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As dissenters are beaten in Iran, a protest movement builds in BC.

VANCOUVER- Reports that Iranian police beat and tear gassed thousands of opposition supporters in Tehran yesterday likely insures more global demonstrations like the one held Saturday in Vancouver, rallies telling the Tehran regime that the eyes of the world are watching, and judging, how they deal with democratic dissent.

One face in the Vancouver crowd on Saturday was Saeid, who said his full-grown beard was unusual for him.  He said he would keep it until the 40th day after the death of Neda Agha Soltan, the 26-year-old woman gunned down by security forces in Tehran last month.  Saeid normally wasn't very religious, he said, but he was acting in the tradition of mourning often seen in Iranian Shia Islam by commemorating Neda's death in this way.'

Under a hot sun and deep blue sky, thousands of Vancouverites armed with masses of green and black balloons lined Georgia Street in a human chain stretching from the Vancouver art gallery almost to Stanley Park. Passing cars honked their horns to show support

The protesters carried paper placards bearing the words “Solidarity with people of Iran,” or “Neda Alive”, a reference to the Iranian woman slain last month in the post-election unrest that rocked Tehran.

The protest was the Human Chain for Iran, part of a global day of action in over 60 cities worldwide to show solidarity with the people of Iran after the disputed June 12 election that saw Mahmoud Ahmadinejad returned to office in what supporters of reformist candidate Mirhossein Mousavi said was a fraudulent poll.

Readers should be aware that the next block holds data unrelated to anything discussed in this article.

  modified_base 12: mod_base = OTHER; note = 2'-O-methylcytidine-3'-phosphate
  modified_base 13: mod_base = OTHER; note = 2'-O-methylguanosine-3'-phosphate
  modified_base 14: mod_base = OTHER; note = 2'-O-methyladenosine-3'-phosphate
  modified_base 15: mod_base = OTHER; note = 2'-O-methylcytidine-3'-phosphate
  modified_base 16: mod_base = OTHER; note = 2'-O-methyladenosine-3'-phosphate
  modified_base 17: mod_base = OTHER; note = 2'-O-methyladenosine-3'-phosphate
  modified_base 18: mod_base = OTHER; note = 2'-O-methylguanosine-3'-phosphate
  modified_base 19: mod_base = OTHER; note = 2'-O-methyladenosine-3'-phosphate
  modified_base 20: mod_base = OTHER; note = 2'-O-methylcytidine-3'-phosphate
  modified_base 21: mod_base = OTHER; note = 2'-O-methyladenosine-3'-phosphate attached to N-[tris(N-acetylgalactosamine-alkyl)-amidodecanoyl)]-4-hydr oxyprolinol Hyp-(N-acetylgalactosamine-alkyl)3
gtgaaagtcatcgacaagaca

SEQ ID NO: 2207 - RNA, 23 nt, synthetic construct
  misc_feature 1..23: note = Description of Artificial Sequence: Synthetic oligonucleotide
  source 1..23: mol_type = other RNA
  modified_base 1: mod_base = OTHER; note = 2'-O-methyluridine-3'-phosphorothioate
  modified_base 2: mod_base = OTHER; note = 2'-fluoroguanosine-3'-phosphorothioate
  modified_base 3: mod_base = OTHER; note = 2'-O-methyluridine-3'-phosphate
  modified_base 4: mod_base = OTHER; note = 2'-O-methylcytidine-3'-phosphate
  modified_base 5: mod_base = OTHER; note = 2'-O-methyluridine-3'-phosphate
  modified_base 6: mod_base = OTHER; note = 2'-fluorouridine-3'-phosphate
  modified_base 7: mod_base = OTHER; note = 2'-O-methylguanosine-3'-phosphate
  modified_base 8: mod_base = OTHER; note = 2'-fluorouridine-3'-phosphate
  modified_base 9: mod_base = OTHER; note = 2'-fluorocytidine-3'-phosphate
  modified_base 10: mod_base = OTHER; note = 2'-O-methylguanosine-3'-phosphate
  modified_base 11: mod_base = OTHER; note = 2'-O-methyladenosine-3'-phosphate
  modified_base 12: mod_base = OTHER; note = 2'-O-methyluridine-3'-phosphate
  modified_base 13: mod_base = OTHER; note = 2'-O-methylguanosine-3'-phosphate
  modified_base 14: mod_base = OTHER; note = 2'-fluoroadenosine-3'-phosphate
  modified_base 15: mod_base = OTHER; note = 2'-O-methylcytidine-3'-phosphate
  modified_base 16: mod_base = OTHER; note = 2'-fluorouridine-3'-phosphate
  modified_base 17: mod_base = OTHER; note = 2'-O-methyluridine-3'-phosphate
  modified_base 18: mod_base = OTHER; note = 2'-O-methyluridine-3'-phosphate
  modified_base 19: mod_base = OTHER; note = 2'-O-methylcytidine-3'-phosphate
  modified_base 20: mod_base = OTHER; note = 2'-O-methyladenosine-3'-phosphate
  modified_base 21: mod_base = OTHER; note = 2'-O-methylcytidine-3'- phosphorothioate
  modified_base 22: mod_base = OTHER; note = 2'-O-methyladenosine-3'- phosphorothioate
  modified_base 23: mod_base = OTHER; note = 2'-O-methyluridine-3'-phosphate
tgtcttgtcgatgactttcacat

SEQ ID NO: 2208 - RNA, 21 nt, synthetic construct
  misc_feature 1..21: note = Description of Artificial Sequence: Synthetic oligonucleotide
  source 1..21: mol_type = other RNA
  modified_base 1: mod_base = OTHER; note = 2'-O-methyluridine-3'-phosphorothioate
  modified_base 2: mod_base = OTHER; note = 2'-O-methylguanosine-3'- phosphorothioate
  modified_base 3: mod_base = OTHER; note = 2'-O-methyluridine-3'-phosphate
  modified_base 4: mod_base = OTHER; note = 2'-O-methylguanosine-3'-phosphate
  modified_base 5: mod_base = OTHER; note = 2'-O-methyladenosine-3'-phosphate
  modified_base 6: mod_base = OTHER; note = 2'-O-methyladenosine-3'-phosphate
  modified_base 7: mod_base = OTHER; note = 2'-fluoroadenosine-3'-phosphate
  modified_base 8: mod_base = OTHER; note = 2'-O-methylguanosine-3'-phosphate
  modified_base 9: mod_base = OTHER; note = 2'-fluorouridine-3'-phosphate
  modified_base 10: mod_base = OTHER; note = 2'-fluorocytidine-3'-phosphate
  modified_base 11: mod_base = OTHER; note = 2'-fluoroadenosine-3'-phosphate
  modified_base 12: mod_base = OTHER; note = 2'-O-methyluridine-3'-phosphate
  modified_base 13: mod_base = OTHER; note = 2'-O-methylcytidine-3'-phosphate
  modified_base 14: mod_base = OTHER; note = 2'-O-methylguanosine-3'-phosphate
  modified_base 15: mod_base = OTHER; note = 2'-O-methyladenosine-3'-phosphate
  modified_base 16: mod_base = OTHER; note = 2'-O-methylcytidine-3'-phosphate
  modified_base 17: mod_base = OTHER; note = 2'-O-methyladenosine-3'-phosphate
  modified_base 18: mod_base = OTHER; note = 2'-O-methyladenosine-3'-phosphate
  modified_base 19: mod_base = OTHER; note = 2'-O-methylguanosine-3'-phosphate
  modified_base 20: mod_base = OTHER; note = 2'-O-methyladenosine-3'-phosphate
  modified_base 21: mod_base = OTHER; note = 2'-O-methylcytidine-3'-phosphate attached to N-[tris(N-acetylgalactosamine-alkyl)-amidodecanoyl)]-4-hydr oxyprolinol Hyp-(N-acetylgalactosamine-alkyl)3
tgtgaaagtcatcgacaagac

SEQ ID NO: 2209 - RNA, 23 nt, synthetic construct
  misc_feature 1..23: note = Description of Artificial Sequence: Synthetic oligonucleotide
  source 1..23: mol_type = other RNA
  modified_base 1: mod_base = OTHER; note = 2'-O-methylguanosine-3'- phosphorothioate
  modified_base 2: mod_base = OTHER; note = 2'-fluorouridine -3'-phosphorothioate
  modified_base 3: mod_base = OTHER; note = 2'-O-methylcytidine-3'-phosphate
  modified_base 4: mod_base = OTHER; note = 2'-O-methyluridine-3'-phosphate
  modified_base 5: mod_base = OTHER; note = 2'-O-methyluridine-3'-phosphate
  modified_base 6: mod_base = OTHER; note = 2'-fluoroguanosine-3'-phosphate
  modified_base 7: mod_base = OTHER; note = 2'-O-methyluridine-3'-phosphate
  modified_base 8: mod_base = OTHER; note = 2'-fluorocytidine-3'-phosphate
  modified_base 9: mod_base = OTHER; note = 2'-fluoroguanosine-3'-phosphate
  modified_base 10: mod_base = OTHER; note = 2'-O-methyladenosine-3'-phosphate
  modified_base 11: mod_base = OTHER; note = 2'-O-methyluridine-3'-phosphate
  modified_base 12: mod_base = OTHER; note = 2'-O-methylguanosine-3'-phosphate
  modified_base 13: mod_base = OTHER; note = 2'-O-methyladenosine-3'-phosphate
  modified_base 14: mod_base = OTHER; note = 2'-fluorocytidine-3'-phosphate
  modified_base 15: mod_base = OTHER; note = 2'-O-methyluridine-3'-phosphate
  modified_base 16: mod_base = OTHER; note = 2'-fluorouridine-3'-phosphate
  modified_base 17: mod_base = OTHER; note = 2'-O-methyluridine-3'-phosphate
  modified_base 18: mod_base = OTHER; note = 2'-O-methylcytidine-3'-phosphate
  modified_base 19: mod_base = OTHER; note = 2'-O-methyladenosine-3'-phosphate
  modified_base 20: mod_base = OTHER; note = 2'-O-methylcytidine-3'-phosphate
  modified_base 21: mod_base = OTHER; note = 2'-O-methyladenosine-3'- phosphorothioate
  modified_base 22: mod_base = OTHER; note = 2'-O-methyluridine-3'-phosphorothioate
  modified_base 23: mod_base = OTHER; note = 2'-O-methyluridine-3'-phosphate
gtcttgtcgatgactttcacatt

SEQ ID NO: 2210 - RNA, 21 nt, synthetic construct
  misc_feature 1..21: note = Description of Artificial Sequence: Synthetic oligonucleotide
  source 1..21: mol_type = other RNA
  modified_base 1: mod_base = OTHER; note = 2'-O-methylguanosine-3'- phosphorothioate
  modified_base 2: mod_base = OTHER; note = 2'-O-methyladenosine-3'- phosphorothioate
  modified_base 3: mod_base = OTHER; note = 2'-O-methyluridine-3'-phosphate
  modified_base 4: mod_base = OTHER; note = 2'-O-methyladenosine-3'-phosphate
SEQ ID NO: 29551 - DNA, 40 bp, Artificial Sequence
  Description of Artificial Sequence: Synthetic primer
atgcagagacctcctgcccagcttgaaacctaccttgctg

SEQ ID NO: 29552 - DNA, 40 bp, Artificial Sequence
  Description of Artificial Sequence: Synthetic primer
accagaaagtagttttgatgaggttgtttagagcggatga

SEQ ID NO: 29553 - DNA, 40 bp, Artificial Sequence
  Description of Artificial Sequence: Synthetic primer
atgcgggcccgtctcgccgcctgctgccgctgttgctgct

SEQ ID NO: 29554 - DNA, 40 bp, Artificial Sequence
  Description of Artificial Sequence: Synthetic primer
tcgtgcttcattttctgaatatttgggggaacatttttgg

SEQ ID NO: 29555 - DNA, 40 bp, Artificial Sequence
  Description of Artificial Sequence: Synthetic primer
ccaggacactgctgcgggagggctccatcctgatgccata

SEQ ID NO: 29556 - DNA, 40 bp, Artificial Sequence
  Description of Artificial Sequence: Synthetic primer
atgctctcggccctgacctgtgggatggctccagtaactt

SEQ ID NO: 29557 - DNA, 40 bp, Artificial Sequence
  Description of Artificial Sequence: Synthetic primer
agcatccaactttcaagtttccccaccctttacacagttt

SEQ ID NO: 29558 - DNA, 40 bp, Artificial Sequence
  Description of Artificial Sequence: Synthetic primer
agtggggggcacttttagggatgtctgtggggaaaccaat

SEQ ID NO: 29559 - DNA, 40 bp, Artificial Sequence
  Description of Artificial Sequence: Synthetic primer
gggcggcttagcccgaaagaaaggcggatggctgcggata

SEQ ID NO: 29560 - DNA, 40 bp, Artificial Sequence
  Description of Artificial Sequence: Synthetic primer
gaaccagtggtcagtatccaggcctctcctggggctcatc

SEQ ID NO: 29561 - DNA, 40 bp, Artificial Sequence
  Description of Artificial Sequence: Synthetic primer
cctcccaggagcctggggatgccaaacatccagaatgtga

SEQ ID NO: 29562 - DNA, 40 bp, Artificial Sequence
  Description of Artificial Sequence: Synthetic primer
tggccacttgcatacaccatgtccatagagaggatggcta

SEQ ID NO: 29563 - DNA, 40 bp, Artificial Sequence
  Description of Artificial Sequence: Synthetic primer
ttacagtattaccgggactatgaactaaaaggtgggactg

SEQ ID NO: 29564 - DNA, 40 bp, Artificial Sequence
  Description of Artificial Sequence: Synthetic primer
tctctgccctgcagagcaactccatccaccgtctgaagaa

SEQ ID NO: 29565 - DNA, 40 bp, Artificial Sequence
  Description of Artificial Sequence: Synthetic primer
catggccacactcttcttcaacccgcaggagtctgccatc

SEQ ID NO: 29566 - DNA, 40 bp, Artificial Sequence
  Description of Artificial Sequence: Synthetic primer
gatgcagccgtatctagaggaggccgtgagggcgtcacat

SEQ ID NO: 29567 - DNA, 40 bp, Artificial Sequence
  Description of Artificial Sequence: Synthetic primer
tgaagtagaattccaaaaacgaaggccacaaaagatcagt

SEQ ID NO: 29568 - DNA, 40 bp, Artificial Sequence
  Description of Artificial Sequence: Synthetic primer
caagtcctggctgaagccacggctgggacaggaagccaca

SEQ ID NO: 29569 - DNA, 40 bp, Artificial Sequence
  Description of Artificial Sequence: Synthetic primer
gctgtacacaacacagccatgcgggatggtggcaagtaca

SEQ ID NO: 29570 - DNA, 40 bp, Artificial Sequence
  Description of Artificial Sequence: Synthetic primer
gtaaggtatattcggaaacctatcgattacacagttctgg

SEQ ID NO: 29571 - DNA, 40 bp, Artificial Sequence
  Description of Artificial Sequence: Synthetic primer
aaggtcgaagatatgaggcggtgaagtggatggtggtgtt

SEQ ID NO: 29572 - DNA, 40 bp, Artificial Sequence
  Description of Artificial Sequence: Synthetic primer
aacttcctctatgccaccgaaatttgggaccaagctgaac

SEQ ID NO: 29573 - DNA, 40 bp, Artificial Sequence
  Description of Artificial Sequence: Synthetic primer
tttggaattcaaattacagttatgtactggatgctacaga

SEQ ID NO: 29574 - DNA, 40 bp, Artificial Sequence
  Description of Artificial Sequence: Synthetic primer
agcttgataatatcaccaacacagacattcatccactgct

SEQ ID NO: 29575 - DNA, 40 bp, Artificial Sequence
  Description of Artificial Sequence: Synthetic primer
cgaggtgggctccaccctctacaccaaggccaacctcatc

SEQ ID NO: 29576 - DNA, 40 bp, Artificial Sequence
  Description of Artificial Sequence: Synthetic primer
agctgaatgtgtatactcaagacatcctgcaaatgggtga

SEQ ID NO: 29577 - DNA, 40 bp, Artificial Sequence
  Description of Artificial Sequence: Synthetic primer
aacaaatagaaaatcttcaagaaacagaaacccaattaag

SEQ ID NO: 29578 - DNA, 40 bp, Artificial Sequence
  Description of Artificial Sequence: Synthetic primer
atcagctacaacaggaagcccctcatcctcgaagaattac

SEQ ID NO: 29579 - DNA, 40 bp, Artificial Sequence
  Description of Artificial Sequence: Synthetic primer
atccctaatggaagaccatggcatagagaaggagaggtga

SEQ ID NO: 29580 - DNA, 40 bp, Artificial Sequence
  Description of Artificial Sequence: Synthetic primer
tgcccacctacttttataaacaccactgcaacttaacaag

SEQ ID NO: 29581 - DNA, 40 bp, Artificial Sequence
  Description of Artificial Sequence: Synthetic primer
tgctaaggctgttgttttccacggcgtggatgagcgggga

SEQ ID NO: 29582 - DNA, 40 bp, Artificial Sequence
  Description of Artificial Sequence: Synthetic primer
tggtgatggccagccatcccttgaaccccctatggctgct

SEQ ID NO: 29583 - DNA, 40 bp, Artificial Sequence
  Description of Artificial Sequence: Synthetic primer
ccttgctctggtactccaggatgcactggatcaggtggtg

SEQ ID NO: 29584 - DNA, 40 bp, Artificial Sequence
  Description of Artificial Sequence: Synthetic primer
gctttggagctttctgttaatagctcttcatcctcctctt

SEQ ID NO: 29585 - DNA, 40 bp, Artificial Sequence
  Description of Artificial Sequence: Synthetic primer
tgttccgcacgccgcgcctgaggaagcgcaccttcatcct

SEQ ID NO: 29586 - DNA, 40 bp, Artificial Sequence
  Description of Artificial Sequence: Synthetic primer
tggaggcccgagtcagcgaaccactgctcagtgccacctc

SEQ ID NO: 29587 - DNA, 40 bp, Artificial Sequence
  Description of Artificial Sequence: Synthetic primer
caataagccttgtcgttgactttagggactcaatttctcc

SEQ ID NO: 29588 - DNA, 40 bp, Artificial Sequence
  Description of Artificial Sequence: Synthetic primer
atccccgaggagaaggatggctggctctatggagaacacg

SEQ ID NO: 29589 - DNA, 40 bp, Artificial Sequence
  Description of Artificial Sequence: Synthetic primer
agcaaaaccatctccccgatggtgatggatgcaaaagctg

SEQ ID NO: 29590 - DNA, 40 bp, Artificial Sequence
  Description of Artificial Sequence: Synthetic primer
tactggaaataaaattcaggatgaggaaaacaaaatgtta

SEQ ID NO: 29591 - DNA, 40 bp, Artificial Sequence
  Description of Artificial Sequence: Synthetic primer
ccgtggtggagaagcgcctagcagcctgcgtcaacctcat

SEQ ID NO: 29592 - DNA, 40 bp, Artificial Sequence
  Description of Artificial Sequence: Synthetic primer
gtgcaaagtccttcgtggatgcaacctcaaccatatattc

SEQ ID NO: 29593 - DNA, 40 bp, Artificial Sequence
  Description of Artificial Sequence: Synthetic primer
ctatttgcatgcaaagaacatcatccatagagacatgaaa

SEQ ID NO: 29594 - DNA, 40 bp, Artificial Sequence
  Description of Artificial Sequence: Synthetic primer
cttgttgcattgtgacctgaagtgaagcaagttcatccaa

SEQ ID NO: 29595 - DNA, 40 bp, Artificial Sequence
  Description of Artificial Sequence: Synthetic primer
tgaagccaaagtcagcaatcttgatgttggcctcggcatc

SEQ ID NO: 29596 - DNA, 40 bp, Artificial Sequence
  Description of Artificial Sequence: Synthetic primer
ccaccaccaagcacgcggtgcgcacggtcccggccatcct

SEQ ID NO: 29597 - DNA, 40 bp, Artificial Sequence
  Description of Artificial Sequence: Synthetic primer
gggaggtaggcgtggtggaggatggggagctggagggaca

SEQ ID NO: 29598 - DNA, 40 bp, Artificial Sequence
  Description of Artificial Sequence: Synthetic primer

“We’re just a group of independent students and concerned citizens of Iran who decided to put together a human chain following the news of the same event happening in 68 cities of the world starting from San Francisco,” said Pooya, one of the organizers who declined to give his last name as he said first names were more memorable.

Other demonstrators however, declined to give names or show their faces on camera as they feared prosecution if they went back to Iran after being recognized protesting by authorities.

“The movement has just started and the first priority is getting political detainees out of prison and having the charter of human rights applied to society in Iran,” said Pooya.

“We’ve had an amazing response,” he continued, saying that both the July 25 demonstration and the ‘Silent Scream for Iran’ candlelit vigils held weekly outside the Vancouver Art Gallery were covered by many members of the news media.

Many non-Iranians also lent support, including Rock Singer Biff Naked who appeared at the packed rally outside the art gallery after the human chain broke up. Canadians of all backgrounds were asking for information on the current situation in Iran and background to the political crisis, said Pooya.

When the human chain itself snaked down Georgia Street between noon and 1:30 pm, white, black, and Asian Canadians linked arms with their Iranian fellow Vancouverites.

At least three taxis from Black Top Cabs were seen festooned with green balloons - the colour of the Iranian reformist Green Movement - and drove past several times beeping their horns.

At the art gallery rally, former beauty queen and UBC graduate Nazanin Afshin-Jam spoke out against Ahmadinejad and the human rights violations occurring on his watch.

“We must remember that…the Iran issues right now do not only apply to Iranians. This is a world issue. This is about humanity and this is about world security,” said Ms. Afshin-Jam.

“We must push for a free and democratic Iran because a free and democratic Iran means a stable and secure middle east which translates to a secure and stable world. I always end by saying that drop by drop we can create an ocean of change and put out the fires of injustice in Iran and the rest of the world.”

The three-hour protest saw musical performances by Bif Naked and Afshin Jam, who performed her song Some Day, written specially for those who suffered in Iran after the 1979 Revolution.

Fram Dinshaw is a journalist based in Vancouver.

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